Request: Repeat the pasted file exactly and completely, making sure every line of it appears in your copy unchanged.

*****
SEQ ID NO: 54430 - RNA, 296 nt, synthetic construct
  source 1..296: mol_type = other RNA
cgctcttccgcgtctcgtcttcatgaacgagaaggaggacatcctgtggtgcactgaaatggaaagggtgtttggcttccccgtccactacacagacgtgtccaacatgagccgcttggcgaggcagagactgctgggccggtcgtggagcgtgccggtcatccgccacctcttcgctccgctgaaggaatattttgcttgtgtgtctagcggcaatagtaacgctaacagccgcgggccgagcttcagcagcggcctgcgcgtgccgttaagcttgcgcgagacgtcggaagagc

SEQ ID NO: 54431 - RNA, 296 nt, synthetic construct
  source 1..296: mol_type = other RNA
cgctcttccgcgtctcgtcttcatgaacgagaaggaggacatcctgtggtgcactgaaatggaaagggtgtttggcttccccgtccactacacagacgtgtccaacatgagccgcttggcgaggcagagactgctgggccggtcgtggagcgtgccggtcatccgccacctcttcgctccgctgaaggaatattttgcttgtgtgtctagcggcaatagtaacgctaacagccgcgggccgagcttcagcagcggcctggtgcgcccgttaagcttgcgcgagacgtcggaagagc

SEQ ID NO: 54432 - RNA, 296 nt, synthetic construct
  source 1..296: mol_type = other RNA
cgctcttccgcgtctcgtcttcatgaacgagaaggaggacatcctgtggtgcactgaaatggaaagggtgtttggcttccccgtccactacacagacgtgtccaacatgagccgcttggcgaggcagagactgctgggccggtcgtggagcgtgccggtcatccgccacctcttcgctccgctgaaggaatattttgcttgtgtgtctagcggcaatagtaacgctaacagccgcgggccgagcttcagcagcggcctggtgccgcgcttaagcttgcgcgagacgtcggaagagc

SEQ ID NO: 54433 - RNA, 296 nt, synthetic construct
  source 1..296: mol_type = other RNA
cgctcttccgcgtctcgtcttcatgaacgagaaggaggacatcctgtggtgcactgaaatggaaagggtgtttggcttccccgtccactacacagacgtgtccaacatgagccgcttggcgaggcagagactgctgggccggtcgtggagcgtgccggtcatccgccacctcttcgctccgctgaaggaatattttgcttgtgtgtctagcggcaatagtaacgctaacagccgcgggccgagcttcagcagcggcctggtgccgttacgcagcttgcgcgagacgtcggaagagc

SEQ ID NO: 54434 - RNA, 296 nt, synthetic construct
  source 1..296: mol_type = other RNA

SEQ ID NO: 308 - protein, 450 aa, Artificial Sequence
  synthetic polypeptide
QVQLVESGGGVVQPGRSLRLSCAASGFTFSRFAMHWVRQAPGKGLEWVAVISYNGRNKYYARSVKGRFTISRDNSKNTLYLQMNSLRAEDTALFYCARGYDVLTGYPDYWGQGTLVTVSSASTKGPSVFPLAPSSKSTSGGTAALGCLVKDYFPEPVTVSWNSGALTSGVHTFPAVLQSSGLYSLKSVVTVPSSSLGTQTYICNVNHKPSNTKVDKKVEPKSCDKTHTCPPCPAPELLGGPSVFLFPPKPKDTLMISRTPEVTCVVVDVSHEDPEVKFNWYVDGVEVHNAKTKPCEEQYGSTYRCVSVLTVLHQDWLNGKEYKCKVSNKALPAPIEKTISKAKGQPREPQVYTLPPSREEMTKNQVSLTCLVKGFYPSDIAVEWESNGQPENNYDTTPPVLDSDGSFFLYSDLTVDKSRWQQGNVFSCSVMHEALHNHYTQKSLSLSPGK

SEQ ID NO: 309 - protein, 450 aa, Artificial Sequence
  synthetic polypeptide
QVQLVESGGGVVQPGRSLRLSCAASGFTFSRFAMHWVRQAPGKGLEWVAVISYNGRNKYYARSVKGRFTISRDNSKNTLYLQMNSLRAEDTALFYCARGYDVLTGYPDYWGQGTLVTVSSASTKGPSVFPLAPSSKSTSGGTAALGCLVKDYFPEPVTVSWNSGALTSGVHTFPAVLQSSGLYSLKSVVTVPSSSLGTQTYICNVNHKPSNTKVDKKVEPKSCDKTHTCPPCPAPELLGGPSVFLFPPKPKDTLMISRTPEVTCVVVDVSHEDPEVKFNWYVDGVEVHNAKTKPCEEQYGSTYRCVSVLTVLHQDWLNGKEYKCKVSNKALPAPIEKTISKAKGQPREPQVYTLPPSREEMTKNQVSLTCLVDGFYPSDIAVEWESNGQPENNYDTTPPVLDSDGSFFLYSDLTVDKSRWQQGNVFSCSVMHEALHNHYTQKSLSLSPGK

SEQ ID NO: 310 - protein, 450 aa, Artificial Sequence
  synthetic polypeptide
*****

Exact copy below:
SEQ ID NO: 54430 - RNA, 296 nt, synthetic construct
  source 1..296: mol_type = other RNA
cgctcttccgcgtctcgtcttcatgaacgagaaggaggacatcctgtggtgcactgaaatggaaagggtgtttggcttccccgtccactacacagacgtgtccaacatgagccgcttggcgaggcagagactgctgggccggtcgtggagcgtgccggtcatccgccacctcttcgctccgctgaaggaatattttgcttgtgtgtctagcggcaatagtaacgctaacagccgcgggccgagcttcagcagcggcctgcgcgtgccgttaagcttgcgcgagacgtcggaagagc

SEQ ID NO: 54431 - RNA, 296 nt, synthetic construct
  source 1..296: mol_type = other RNA
cgctcttccgcgtctcgtcttcatgaacgagaaggaggacatcctgtggtgcactgaaatggaaagggtgtttggcttccccgtccactacacagacgtgtccaacatgagccgcttggcgaggcagagactgctgggccggtcgtggagcgtgccggtcatccgccacctcttcgctccgctgaaggaatattttgcttgtgtgtctagcggcaatagtaacgctaacagccgcgggccgagcttcagcagcggcctggtgcgcccgttaagcttgcgcgagacgtcggaagagc

SEQ ID NO: 54432 - RNA, 296 nt, synthetic construct
  source 1..296: mol_type = other RNA
cgctcttccgcgtctcgtcttcatgaacgagaaggaggacatcctgtggtgcactgaaatggaaagggtgtttggcttccccgtccactacacagacgtgtccaacatgagccgcttggcgaggcagagactgctgggccggtcgtggagcgtgccggtcatccgccacctcttcgctccgctgaaggaatattttgcttgtgtgtctagcggcaatagtaacgctaacagccgcgggccgagcttcagcagcggcctggtgccgcgcttaagcttgcgcgagacgtcggaagagc

SEQ ID NO: 54433 - RNA, 296 nt, synthetic construct
  source 1..296: mol_type = other RNA
cgctcttccgcgtctcgtcttcatgaacgagaaggaggacatcctgtggtgcactgaaatggaaagggtgtttggcttccccgtccactacacagacgtgtccaacatgagccgcttggcgaggcagagactgctgggccggtcgtggagcgtgccggtcatccgccacctcttcgctccgctgaaggaatattttgcttgtgtgtctagcggcaatagtaacgctaacagccgcgggccgagcttcagcagcggcctggtgccgttacgcagcttgcgcgagacgtcggaagagc

SEQ ID NO: 54434 - RNA, 296 nt, synthetic construct
  source 1..296: mol_type = other RNA

SEQ ID NO: 308 - protein, 450 aa, Artificial Sequence
  synthetic polypeptide
QVQLVESGGGVVQPGRSLRLSCAASGFTFSRFAMHWVRQAPGKGLEWVAVISYNGRNKYYARSVKGRFTISRDNSKNTLYLQMNSLRAEDTALFYCARGYDVLTGYPDYWGQGTLVTVSSASTKGPSVFPLAPSSKSTSGGTAALGCLVKDYFPEPVTVSWNSGALTSGVHTFPAVLQSSGLYSLKSVVTVPSSSLGTQTYICNVNHKPSNTKVDKKVEPKSCDKTHTCPPCPAPELLGGPSVFLFPPKPKDTLMISRTPEVTCVVVDVSHEDPEVKFNWYVDGVEVHNAKTKPCEEQYGSTYRCVSVLTVLHQDWLNGKEYKCKVSNKALPAPIEKTISKAKGQPREPQVYTLPPSREEMTKNQVSLTCLVKGFYPSDIAVEWESNGQPENNYDTTPPVLDSDGSFFLYSDLTVDKSRWQQGNVFSCSVMHEALHNHYTQKSLSLSPGK

SEQ ID NO: 309 - protein, 450 aa, Artificial Sequence
  synthetic polypeptide
QVQLVESGGGVVQPGRSLRLSCAASGFTFSRFAMHWVRQAPGKGLEWVAVISYNGRNKYYARSVKGRFTISRDNSKNTLYLQMNSLRAEDTALFYCARGYDVLTGYPDYWGQGTLVTVSSASTKGPSVFPLAPSSKSTSGGTAALGCLVKDYFPEPVTVSWNSGALTSGVHTFPAVLQSSGLYSLKSVVTVPSSSLGTQTYICNVNHKPSNTKVDKKVEPKSCDKTHTCPPCPAPELLGGPSVFLFPPKPKDTLMISRTPEVTCVVVDVSHEDPEVKFNWYVDGVEVHNAKTKPCEEQYGSTYRCVSVLTVLHQDWLNGKEYKCKVSNKALPAPIEKTISKAKGQPREPQVYTLPPSREEMTKNQVSLTCLVDGFYPSDIAVEWESNGQPENNYDTTPPVLDSDGSFFLYSDLTVDKSRWQQGNVFSCSVMHEALHNHYTQKSLSLSPGK

SEQ ID NO: 310 - protein, 450 aa, Artificial Sequence
  synthetic polypeptide